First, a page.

Like pizza, this David-and-Goliath crowd-pleaser is hot and fresh.

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WOLFIE MONSTER AND THE BIG BAD PIZZA BATTLE

A cheerful monster faces off against a diabolical businessman.

With one large eye, bright purple arms, a blue head and body, rosy pink feet and cheeks, and an unrelenting smile, Wolfie Monster runs Magik Cheez Pizza along with his brothers, Jackson and Roy. Wolfie and Roy are both goofy and laid-back, while Type A Jackson struggles to manage the business. When successful mega-corporation Happy Leaf moves into their town, its owner, the take-no-prisoners Lord Mudpant, offers to buy out Magik Cheez. Roy and Jackson are eager to sell, but Wolfie is not interested. The fiendish Mudpant plots to make Happy Leaf the only choice in town and will stop at nothing to achieve pizza domination; can a little monster win against a big businessman? Wolfie is silly and bumbling, but his best friend, Bea, has the good sense needed to take on the nefarious Mudpant. With a good amount of pop and fizz, this fun, fast-paced graphic offering will delight readers with its giggle-inducing antics set against a timely backdrop. Most of the main characters are male; female Bea is a sunny, tangerine-colored monster with cheery purple hair and body and is depicted in a complementary palette and similar body shape as the male characters, with none of the stereotypical feminine signifiers such as eyelashes or hair bows.

Like pizza, this David-and-Goliath crowd-pleaser is hot and fresh. (Graphic fantasy. 6-10)

Pub Date: June 25, 2019

ISBN: 978-1-338-18604-8

Page Count: 144

Publisher: Graphix/Scholastic

Review Posted Online: March 17, 2019

Kirkus Reviews Issue: April 1, 2019

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More trampling in the vineyards of the Literary Classics section, with results that will tickle fancies high and low.

DOG MAN AND CAT KID

From the Dog Man series , Vol. 4

Recasting Dog Man and his feline ward, Li’l Petey, as costumed superheroes, Pilkey looks East of Eden in this follow-up to Tale of Two Kitties (2017).

The Steinbeck novel’s Cain/Abel motif gets some play here, as Petey, “world’s evilest cat” and cloned Li’l Petey’s original, tries assiduously to tempt his angelic counterpart over to the dark side only to be met, ultimately at least, by Li’l Petey’s “Thou mayest.” (There are also occasional direct quotes from the novel.) But inner struggles between good and evil assume distinctly subordinate roles to riotous outer ones, as Petey repurposes robots built for a movie about the exploits of Dog Man—“the thinking man’s Rin Tin Tin”—while leading a general rush to the studio’s costume department for appropriate good guy/bad guy outfits in preparation for the climactic battle. During said battle and along the way Pilkey tucks in multiple Flip-O-Rama inserts as well as general gags. He lists no fewer than nine ways to ask “who cut the cheese?” and includes both punny chapter titles (“The Bark Knight Rises”) and nods to Hamilton and Mary Poppins. The cartoon art, neatly and brightly colored by Garibaldi, is both as easy to read as the snappy dialogue and properly endowed with outsized sound effects, figures displaying a range of skin colors, and glimpses of underwear (even on robots).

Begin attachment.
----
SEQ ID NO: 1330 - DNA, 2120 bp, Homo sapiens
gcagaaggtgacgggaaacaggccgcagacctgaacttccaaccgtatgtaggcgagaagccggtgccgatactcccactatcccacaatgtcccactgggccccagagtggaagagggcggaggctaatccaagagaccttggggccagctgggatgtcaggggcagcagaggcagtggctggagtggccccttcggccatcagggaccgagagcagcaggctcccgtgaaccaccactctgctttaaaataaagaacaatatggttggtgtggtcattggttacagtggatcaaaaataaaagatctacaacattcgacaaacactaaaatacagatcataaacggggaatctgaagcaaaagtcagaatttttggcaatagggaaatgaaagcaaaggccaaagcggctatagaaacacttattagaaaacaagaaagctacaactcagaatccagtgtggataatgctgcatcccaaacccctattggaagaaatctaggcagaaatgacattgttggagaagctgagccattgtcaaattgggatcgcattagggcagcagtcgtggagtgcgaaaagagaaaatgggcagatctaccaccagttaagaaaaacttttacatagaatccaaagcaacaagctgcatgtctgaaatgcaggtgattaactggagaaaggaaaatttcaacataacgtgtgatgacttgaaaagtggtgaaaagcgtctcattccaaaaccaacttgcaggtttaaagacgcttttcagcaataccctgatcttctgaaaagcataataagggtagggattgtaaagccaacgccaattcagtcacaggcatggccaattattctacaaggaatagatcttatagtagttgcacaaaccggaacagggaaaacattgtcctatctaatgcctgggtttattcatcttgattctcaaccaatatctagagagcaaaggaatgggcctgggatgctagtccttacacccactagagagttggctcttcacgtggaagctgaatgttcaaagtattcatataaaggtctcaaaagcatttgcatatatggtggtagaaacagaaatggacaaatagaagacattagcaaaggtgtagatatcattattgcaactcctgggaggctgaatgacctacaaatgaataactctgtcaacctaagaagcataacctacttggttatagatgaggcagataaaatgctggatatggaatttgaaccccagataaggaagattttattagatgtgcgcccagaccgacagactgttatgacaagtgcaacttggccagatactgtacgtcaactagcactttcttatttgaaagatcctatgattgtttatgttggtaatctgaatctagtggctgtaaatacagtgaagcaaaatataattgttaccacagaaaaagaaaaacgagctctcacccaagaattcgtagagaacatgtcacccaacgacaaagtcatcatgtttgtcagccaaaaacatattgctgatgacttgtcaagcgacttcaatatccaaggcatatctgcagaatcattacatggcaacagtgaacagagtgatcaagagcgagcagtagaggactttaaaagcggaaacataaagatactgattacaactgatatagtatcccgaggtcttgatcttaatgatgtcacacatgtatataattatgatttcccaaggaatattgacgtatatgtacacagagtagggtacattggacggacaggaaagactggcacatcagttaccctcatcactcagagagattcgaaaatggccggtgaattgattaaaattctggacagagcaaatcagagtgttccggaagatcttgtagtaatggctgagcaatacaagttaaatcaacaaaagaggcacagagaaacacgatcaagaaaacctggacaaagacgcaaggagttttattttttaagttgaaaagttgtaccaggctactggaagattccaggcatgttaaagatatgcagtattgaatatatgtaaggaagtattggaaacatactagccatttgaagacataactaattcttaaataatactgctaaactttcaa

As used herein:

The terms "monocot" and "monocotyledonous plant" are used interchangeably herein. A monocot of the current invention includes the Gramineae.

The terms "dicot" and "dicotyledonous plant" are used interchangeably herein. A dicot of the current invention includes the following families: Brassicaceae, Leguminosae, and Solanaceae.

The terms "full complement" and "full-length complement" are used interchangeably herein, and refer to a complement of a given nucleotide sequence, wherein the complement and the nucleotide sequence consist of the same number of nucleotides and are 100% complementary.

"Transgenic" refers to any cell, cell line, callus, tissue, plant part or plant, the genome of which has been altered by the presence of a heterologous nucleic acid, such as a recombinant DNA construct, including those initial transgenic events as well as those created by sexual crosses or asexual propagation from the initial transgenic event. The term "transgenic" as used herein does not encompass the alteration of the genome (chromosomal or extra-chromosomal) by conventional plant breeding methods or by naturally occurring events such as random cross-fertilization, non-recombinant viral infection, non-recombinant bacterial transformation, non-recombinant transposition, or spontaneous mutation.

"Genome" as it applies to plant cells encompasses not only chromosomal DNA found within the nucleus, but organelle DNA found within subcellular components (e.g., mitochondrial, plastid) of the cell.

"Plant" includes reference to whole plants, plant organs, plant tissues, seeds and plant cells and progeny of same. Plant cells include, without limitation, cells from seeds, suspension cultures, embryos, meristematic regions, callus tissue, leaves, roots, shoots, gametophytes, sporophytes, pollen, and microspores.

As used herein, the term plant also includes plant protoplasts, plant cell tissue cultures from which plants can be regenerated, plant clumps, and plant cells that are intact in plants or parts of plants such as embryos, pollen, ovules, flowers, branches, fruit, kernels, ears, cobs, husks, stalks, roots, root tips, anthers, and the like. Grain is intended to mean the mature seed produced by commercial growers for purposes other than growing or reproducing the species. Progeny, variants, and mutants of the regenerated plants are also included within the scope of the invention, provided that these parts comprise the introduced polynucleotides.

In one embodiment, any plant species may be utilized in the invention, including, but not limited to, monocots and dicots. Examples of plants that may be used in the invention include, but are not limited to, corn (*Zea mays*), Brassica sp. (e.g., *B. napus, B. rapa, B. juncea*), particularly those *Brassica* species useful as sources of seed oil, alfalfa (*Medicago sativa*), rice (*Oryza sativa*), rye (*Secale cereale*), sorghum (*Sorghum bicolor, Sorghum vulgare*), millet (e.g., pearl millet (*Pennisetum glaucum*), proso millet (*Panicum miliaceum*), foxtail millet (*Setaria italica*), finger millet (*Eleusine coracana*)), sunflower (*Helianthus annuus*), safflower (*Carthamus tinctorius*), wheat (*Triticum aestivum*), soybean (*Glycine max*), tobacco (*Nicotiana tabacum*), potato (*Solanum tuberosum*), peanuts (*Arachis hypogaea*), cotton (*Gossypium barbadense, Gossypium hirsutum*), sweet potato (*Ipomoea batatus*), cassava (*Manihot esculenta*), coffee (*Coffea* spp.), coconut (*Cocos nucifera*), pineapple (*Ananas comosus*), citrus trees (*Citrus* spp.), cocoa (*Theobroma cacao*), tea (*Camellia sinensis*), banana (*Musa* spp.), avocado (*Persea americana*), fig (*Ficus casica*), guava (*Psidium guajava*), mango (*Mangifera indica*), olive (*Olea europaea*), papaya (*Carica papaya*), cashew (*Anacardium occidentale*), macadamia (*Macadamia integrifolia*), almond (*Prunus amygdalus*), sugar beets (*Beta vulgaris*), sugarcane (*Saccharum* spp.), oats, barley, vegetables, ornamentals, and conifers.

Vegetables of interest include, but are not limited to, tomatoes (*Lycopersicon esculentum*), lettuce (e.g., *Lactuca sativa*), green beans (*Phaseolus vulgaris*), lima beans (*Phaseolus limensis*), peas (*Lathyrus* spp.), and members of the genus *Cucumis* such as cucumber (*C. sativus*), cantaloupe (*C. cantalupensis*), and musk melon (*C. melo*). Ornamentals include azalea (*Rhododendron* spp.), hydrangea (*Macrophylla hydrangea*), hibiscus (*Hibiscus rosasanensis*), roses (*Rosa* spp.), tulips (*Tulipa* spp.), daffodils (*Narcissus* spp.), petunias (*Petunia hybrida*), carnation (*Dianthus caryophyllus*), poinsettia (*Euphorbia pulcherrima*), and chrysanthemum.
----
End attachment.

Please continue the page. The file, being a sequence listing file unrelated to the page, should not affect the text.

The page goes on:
More trampling in the vineyards of the Literary Classics section, with results that will tickle fancies high and low. (drawing instructions) (Graphic fantasy. 7-10)

Pub Date: Dec. 26, 2017

ISBN: 978-0-545-93518-0

Page Count: 256

Publisher: Graphix/Scholastic

Review Posted Online: May 14, 2018

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What a wag.

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DOG MAN

What do you get from sewing the head of a smart dog onto the body of a tough police officer? A new superhero from the incorrigible creator of Captain Underpants.

Finding a stack of old Dog Man comics that got them in trouble back in first grade, George and Harold decide to craft a set of new(ish) adventures with (more or less) improved art and spelling. These begin with an origin tale (“A Hero Is Unleashed”), go on to a fiendish attempt to replace the chief of police with a “Robo Chief” and then a temporarily successful scheme to make everyone stupid by erasing all the words from every book (“Book ’Em, Dog Man”), and finish off with a sort of attempted alien invasion evocatively titled “Weenie Wars: The Franks Awaken.” In each, Dog Man squares off against baddies (including superinventor/archnemesis Petey the cat) and saves the day with a clever notion. With occasional pauses for Flip-O-Rama featurettes, the tales are all framed in brightly colored sequential panels with hand-lettered dialogue (“How do you feel, old friend?” “Ruff!”) and narrative. The figures are studiously diverse, with police officers of both genders on view and George, the chief, and several other members of the supporting cast colored in various shades of brown. Pilkey closes as customary with drawing exercises, plus a promise that the canine crusader will be further unleashed in a sequel.

What a wag. (Graphic fantasy. 7-9)

Pub Date: Aug. 30, 2016

ISBN: 978-0-545-58160-8

Page Count: 240

Publisher: Graphix/Scholastic

Review Posted Online: June 1, 2016

Kirkus Reviews Issue: June 15, 2016

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